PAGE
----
02:25 17.07.2016(updated 03:20 17.07.2016)
Turkish officials are preventing access to and from the air base until they complete “anti-coup” operations effectively leaving America’s nuclear arsenal in the hands of the same Erdogan regime that just accused Washington of masterminding the coup.
Movement in and out of the Incirlik airbase in southern Turkey was blocked on Saturday by local military authorities, a distressing sign for the future of NATO which stores US tactical nuclear weapons at the base.
“Local authorities are denying movements on to and off of Incirlik Air Base. The power there has also been cut,” the US consulate in Adana said in a message. “Please avoid the air base until normal operations have been restored.”
The closure of the airbase also led to a halt in US air strikes against Daesh. CNN Turk was told by sources that Turkish authorities did make an exception for US aircraft that had already been deployed on mission before the airspace was shut and allowed them to land at the base for refueling.
Turkish officials closed the airspace to complete “anti-coup” operations at the base, where some of the servicemen are suspected of supporting the failed Friday night military coup. Turkish officials have rounded up over 2,800 soldiers as well as at least 2,745 judges who they claim were sympathetic to the coup. Those individuals will now face prosecution for treason.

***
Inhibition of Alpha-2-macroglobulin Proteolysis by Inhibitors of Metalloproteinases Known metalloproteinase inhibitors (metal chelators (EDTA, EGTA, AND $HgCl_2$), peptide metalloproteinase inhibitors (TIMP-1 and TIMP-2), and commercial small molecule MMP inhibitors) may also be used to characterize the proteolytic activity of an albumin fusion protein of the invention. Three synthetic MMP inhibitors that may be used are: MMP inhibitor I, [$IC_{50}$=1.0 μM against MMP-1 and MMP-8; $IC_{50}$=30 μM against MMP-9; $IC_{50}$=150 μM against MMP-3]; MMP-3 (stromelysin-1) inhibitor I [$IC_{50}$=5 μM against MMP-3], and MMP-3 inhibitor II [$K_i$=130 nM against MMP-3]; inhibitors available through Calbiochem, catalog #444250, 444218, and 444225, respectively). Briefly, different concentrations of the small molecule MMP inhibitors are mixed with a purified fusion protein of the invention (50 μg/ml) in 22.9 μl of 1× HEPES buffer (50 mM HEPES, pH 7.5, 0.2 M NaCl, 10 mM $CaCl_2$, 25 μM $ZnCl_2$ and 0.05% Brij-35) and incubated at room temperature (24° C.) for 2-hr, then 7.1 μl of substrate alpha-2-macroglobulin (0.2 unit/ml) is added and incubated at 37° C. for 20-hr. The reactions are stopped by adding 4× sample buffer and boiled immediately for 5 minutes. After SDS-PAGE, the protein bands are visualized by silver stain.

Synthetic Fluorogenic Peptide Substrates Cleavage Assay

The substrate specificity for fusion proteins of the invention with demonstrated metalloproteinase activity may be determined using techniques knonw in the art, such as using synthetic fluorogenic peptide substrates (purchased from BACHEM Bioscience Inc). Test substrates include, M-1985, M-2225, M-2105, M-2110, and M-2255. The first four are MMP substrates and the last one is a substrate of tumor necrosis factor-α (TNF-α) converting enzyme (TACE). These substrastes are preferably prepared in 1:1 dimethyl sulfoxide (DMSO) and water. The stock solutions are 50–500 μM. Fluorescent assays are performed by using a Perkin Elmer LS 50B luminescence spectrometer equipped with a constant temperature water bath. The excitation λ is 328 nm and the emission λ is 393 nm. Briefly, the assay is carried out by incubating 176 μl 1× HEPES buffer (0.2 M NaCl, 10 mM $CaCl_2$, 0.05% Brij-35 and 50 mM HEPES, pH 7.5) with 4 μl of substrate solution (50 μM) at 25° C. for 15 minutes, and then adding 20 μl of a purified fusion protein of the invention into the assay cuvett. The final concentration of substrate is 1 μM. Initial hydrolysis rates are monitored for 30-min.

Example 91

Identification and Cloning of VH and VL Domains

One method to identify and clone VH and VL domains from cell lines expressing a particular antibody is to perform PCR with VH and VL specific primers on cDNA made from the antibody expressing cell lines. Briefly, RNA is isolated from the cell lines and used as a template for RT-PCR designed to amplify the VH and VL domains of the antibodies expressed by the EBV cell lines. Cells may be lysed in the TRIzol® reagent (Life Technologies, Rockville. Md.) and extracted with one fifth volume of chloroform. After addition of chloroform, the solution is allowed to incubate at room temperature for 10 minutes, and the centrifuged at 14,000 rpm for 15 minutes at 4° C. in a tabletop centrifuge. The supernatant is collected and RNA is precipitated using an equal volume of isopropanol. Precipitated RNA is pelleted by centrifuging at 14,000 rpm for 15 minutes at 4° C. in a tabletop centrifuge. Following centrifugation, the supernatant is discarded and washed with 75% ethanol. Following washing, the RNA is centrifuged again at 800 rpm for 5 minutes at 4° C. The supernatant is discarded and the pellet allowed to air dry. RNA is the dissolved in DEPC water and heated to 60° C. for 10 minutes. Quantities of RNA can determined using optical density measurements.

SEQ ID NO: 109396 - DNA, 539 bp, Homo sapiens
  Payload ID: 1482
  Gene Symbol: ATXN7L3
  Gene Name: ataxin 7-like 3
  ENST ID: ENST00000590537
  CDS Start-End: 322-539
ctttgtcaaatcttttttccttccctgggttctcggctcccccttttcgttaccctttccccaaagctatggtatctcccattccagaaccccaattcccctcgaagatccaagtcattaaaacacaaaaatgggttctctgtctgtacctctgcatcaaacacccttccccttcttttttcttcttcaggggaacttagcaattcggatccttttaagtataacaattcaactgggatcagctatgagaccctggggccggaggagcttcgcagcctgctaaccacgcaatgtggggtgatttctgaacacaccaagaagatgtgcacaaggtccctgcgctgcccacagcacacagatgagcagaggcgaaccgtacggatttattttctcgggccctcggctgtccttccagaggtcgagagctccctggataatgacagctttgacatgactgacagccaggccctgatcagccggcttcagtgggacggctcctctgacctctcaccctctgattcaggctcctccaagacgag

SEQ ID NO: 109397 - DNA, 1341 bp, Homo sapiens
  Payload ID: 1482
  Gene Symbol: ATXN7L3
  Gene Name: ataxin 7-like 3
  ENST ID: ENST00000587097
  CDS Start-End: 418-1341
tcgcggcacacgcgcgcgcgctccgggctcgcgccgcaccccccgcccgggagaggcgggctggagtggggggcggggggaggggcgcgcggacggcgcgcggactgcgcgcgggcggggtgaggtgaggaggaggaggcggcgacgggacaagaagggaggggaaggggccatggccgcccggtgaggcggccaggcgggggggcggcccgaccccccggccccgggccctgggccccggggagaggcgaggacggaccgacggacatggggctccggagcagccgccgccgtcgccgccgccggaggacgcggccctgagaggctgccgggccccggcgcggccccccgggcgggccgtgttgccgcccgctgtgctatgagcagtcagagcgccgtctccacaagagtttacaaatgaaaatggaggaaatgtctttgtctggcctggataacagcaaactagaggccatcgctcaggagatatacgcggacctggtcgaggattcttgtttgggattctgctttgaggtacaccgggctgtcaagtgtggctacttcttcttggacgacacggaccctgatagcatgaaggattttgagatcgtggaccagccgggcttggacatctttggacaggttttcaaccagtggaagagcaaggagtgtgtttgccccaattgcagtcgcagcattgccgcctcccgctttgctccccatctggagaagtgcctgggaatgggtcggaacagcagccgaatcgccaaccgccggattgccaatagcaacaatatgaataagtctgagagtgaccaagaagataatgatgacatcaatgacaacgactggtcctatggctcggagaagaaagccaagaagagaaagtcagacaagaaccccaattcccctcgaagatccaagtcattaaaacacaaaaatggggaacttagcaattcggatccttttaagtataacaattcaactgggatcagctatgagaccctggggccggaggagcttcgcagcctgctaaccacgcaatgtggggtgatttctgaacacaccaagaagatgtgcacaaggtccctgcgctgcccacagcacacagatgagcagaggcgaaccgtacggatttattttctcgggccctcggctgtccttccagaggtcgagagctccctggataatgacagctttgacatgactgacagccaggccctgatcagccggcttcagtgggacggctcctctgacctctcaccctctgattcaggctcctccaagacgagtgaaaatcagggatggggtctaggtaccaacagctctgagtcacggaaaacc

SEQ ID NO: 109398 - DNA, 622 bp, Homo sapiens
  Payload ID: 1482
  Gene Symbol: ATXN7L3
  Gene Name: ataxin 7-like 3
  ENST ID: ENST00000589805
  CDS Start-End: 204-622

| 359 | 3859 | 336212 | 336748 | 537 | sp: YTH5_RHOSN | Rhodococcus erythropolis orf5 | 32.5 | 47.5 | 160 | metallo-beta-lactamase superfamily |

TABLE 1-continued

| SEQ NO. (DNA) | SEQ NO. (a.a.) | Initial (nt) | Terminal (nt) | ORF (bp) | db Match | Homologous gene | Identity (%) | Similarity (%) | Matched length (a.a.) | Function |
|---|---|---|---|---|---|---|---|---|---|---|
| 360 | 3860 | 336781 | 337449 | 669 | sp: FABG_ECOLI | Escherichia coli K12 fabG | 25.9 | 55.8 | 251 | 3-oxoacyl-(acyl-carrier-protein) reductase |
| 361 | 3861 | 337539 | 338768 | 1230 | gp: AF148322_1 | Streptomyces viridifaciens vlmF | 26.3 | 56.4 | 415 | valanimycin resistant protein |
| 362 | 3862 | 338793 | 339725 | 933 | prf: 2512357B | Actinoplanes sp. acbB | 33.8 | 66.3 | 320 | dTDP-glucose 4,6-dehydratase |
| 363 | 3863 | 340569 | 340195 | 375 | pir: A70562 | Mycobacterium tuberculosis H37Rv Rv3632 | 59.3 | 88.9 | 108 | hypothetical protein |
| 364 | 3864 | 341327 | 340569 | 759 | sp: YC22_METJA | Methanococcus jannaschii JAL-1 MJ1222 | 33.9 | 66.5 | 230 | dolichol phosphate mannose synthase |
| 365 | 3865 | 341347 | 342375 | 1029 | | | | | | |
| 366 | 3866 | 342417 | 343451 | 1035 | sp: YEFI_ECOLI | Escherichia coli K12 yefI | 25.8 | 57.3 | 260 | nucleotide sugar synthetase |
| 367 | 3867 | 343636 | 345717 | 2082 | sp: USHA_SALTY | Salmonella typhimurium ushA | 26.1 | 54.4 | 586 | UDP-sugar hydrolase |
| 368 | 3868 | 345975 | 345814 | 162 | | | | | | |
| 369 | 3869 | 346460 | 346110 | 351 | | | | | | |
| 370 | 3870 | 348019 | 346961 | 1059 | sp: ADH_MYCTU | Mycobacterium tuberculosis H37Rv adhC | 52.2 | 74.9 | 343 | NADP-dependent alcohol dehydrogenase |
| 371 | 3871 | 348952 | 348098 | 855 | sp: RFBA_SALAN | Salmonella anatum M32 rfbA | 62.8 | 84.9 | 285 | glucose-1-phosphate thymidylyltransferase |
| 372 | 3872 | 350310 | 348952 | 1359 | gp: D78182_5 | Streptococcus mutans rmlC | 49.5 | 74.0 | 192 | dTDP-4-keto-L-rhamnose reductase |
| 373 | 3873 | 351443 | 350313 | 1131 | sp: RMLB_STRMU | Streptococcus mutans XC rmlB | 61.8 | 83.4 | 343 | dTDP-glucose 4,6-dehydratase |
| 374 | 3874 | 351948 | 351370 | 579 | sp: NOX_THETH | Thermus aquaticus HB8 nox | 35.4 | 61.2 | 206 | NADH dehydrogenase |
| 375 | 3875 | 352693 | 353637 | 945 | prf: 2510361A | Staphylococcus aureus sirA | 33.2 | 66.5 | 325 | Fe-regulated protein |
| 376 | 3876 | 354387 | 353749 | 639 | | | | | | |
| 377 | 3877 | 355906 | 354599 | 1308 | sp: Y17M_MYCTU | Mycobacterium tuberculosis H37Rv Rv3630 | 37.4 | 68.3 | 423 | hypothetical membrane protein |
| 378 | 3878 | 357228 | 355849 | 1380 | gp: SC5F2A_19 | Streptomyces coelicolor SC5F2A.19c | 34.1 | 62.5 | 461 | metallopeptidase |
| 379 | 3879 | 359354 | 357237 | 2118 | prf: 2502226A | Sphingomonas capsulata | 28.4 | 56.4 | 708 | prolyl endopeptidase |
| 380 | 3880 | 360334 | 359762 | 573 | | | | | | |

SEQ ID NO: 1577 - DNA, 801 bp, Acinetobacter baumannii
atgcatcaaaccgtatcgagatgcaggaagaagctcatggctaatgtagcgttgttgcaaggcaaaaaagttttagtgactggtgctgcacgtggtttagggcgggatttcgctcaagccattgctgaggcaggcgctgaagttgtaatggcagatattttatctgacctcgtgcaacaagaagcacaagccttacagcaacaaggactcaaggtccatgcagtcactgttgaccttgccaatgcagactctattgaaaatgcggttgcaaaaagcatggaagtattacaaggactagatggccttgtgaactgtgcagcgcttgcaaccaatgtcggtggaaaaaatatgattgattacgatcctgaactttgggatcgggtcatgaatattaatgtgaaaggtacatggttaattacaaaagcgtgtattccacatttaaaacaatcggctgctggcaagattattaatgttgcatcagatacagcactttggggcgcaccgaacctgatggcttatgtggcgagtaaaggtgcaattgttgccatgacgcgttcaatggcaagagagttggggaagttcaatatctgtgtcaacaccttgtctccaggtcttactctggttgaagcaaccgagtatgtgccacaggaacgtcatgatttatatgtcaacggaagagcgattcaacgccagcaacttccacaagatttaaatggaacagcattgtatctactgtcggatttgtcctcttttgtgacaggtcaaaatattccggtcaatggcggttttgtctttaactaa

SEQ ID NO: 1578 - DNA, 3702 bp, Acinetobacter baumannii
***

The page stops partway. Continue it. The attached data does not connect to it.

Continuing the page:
The presence of the US nuclear weapons arsenal in Incirlik Air Base was further complicated on Saturday when Turkish Labor Minister Süleyman Soylu alleged that the United States was behind the failed coup attempt.
“The US is behind the coup attempt. A few journals that are published there [in the US] have been conducting activities for several months. For many months we have sent requests to the US concerning Fethullah Gulen. The US must extradite him,” said Soylu.
US Secretary of State John Kerry issued a fierce condemnation of the allegations calling them harmful to bilitaral relations between the two countries, a sign of a potentially brewing diplomatic row between the two long-time NATO allies.
US tactical nuclear weapons now rest in the hands of a Turkish government willing to openly accuse the United States of seeking its demise under the leadership of an aggressive autocratic ruler who fancies himself the next Sultan of the Ottoman Empire.
The instability of Turkey which faces pressures from the 2.75 million Syrian refugees seeking asylum, Kurdish opposition, Daesh terrorists, and a military that has shown a willingness to turn on the country’s president may force NATO to ultimately pull its nuclear weapons stockpile from Incirlik airbase before the country descends into chaos.